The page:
Maple Sap Collection Instructions


Once the trees are tapped, it is necessary that someone go out every evening to collect that day’s sap. People who want to help collect sap should plan on doing so around 5:00-ish, so all the sap from that day is collected, and little to none is left for the next day. Two people may sign up to go out together (highly recommended — hiking alone on slippery, muddy ground is not a good idea) for each day. Here is the procedure to follow:

  1. If you have not already done so, it is necessary to first sign up for sap collection. That will also allow you to check to make sure someone else hasn’t already signed up, will allow other students to know what days are available, and will allow faculty and staff to see who’s scheduled.
  2. Make sure you have contact information (phone &/or e-mail) for your sap-collection partner. (Note: when you sign up online, as you submit your data, the Web page will attempt to open a mail-to window to send you each other’s e-mail addresses. Please send that message so you both have the other person’s address.) That way, if something comes up, you can get in touch with the other person. Also, make sure the two of you agree on a time to meet.
  3. Plan on meeting outside the “front” (courtyard-side, not greenhouse side) door of the McDonough building. The equipment you will need is located to the left of that door, as you face the building.
  4. The equipment that should be there includes: New Garbage Can
  5. Carboy on Backpack
  6. You will need to take with you the backpack, the funnel, the meterstick, and ONE copy of the sap-collection sheet. Record your names, seat numbers, the date, day of the week, and your “start” time on the sap-collection sheet.
  7. The 12 buckets from which you will be collecting sap are located along/near “North Maple Creek,” to the west of the front circles and flagpoles, and to the north of the west parking lot.
    (Click this image for a larger version.)
  8. Tree Map
    Buckets 1-4 Across the Creek
  9. Start collecting from the farthest-away buckets, first, so you have the heaviest load to carry the shortest distance.
    (This photo shows buckets 1 through 4 as viewed from across the creek near bucket #8.)
  10. At each bucket: Full Bucket with Sap Dripping Measuring Depth in Bucket
    1. Tilt the lid up and insert the meterstick into the sap, 0-cm end down. Read the depth of sap in that bucket (to 1 decimal place will suffice), and record it in the appropriate box on the sap-collection sheet.
    2. Pouring Sap into Carboy
    3. Lift the bucket off the hook, remove the lid from the carboy on the backpack, and use the funnel to guide the sap as you pour it into the carboy.
    4. Bucket 12 on Tree
    5. Replace the bucket onto the hook and lower the lid so it is centered over and covering the bucket. Replace the lid on the carboy.
    6. Gather all equipment before moving on.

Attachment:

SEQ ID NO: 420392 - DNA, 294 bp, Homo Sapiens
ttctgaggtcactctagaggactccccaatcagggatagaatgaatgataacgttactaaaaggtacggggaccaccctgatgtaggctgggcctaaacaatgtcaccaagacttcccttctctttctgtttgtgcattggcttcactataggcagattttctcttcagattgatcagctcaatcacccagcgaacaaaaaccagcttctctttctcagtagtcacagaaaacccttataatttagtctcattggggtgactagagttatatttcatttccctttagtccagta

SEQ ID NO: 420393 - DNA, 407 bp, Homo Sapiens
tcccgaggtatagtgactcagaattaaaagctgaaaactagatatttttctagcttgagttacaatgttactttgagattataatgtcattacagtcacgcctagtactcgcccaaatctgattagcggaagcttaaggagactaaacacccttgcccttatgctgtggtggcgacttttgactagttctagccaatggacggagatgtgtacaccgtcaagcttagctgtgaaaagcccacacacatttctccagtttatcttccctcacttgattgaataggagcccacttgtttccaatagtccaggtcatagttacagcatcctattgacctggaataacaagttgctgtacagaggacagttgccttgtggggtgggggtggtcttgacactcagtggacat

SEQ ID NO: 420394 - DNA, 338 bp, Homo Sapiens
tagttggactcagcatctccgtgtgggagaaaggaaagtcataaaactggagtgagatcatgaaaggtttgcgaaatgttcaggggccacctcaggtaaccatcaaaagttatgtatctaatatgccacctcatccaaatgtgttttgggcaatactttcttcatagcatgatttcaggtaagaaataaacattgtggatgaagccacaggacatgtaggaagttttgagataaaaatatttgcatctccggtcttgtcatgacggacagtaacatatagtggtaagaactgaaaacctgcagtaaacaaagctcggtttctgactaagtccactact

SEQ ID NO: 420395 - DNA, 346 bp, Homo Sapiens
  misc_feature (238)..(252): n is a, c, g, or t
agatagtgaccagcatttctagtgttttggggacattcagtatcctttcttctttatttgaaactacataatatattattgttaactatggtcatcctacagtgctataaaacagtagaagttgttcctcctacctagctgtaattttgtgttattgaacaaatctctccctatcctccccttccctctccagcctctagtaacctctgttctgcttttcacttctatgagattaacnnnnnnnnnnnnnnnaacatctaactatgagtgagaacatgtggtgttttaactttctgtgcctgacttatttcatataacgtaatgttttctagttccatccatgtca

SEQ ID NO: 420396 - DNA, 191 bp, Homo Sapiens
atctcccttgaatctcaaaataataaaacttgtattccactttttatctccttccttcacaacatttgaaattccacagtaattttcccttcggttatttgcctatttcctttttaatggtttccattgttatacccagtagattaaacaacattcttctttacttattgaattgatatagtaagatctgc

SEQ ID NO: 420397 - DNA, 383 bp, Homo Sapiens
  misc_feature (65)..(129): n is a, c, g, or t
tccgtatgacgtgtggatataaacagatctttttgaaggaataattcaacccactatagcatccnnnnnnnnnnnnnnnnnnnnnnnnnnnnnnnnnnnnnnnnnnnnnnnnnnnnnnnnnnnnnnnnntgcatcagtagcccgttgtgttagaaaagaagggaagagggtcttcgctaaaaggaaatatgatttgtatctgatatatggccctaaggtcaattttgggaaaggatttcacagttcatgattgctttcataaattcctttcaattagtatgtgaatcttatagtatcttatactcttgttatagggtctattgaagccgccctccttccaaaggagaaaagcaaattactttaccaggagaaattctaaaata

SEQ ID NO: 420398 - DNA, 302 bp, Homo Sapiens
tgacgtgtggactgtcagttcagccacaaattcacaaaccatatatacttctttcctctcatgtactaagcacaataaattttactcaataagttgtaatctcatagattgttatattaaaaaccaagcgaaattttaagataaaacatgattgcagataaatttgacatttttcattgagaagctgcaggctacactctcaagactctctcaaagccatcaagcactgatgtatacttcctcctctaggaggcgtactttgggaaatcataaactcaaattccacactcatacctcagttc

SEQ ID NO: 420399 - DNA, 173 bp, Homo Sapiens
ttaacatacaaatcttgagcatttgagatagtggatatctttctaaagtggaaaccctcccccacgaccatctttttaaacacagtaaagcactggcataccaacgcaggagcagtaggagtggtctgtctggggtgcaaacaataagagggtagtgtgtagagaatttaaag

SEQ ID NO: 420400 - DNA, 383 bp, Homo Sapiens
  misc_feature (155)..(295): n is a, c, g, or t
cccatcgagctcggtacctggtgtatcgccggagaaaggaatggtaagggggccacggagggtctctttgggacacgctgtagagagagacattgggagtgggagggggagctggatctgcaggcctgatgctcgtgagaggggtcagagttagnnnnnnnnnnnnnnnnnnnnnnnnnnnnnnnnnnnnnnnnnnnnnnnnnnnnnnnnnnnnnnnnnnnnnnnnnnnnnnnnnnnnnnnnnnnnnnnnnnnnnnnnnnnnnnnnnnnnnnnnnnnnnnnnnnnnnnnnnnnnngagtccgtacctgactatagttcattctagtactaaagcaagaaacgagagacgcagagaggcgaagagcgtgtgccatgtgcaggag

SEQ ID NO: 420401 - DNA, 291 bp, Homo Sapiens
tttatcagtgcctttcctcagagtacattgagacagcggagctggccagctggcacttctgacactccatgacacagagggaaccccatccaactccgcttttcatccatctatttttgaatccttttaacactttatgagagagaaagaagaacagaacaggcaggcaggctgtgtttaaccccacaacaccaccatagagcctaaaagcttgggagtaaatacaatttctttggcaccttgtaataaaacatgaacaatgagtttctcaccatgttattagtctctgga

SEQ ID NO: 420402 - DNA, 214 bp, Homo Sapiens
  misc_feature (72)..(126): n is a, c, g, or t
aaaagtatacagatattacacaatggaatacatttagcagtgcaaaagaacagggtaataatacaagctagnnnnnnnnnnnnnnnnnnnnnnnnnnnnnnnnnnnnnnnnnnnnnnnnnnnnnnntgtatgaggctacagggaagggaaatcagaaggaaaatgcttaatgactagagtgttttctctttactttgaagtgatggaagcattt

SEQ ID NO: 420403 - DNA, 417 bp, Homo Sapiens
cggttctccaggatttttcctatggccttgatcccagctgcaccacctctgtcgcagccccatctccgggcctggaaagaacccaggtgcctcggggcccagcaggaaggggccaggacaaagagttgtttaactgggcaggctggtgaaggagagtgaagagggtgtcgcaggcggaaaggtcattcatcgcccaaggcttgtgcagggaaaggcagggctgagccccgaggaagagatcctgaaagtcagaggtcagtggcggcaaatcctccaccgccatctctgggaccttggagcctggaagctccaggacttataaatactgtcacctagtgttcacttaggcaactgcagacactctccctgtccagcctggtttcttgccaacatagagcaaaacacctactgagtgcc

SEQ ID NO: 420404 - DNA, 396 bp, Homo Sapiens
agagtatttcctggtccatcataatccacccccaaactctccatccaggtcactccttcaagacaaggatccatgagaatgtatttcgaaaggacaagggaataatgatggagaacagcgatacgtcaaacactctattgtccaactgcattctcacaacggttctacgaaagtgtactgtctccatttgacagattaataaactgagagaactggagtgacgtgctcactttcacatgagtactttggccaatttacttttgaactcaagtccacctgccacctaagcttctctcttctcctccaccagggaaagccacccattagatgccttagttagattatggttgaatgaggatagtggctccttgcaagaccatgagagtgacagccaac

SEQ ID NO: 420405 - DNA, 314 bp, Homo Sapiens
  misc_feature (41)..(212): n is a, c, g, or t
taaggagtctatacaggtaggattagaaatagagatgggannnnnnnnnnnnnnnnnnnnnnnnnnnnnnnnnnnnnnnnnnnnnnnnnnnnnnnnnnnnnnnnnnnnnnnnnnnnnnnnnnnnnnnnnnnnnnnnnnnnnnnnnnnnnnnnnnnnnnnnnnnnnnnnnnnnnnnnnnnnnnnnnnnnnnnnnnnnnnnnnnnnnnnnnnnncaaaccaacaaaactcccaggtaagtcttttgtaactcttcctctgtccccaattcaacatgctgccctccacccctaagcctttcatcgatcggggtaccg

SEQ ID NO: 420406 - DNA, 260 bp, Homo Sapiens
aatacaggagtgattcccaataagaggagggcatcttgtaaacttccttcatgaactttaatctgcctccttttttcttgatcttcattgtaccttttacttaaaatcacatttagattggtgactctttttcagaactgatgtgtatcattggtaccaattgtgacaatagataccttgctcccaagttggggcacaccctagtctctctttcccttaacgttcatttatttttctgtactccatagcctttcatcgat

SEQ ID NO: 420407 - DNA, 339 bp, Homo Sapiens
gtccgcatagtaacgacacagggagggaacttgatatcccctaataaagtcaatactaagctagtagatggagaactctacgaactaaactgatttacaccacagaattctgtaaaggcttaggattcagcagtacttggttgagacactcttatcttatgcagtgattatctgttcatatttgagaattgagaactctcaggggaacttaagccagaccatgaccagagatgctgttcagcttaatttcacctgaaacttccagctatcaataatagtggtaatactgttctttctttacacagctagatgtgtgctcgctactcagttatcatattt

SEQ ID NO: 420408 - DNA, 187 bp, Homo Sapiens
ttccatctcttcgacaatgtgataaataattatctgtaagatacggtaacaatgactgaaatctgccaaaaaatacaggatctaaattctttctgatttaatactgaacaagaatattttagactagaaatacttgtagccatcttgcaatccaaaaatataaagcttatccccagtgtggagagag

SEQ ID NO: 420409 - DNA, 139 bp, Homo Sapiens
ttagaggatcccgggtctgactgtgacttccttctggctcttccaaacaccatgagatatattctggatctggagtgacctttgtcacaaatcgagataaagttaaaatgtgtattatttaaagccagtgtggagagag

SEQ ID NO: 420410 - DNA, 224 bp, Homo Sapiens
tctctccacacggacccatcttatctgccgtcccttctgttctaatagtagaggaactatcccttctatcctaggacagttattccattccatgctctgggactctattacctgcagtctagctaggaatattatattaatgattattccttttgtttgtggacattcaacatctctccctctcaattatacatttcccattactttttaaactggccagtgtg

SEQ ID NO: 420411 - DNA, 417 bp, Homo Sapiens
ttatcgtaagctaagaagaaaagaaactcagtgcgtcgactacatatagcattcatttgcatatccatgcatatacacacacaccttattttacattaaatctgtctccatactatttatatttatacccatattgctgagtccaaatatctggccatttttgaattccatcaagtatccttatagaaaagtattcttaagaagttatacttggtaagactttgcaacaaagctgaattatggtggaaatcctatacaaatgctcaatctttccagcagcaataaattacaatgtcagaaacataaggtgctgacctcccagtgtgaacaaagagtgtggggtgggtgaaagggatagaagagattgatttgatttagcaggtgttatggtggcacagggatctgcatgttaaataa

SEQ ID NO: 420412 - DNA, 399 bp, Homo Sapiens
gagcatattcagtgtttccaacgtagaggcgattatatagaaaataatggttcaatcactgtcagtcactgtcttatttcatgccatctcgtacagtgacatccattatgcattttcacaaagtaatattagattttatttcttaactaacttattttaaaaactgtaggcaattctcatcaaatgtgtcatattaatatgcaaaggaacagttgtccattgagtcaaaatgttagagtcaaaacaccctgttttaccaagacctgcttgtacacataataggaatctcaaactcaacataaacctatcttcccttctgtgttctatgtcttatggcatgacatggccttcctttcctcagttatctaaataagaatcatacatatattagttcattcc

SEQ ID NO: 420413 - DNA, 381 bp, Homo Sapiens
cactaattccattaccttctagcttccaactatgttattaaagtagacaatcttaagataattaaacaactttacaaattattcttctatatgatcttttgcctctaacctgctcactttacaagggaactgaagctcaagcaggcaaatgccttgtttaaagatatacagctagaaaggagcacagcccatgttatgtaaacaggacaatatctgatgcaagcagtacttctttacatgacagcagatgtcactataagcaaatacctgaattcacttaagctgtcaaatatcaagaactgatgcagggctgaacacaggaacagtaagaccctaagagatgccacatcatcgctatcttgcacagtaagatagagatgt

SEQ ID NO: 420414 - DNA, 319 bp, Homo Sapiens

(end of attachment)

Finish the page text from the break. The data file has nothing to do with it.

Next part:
11. Repeat the steps, above, for each bucket either until the carboy becomes full or until you have finished all the buckets.
  12. Measuring Depth in Carboy
  13. If at any point the carboy becomes full, take it back to the “garbage” can. Measure the depth of the sap in the carboy, record that number in the appropriate place on the sap-collection sheet, then pour the sap into the garbage can. Return to the woods to collect the rest of the sap.
  14. When you have collected sap from all 12 buckets, return to the “garbage” can. Measure the depth of the sap in the carboy, record that number in the appropriate place on the sap-collection sheet (note: if it was necessary to make multiple trips, you will have several numbers entered into that space — please add them together to get a total), then pour the sap into the garbage can (note: if you are collecting sap on a Sunday after a good weekend, there may not be room in the “garbage” can, so you may need to leave your newly collected sap in the carboy).
  15. Measuring Depth in Garbage Can Measuring Depth in Garbage Can
  16. After you have place all the sap you collected into the “garbage” can, also measure the depth of sap in there, and record that onto the data sheet.
  17. You do not need to measure the temperatures indicated on the data sheet, but if you happen to know the current air temperature, including that could be useful. Do make sure to include the names of both people and at least one person’s seat number. Circle the word that best matches the existing weather conditions. Record your stop time and number of trips on the data sheet.
  18. Make sure the lid is placed securely onto the “garbage” can, and make sure that you have returned ALL the equipment “behind” the can.
  19. As soon as feasible, go to a computer, go online, and submit an electronic copy of your data.
  20. If your professor requires you to put a copy of your sap-collection sheet in your lab notebook, as soon as possible either xerox a copy of your original data sheet for each person or just before/after you submit your data online, print out a copy of the online data sheet for each person.
  21. Give your original sap-collection data sheet to Ms. Carter (so we can make sure to gather all the data from all sap collection this season). Depending on what instructions your professor has given you, you may either turn the data sheet in to him/her to pass on to Ms. Carter, or give it to her, directly.

Points (Ms. Carter’s Students):

Each instructor will determine his/her own way of awarding any points for sap collection. Here is a description of how Ms. Carter will assign extra-credit points to her students.

Copyright © 2015 by J. Stein Carter. All rights reserved.
Chickadee photograph Copyright © by David B. Fankhauser
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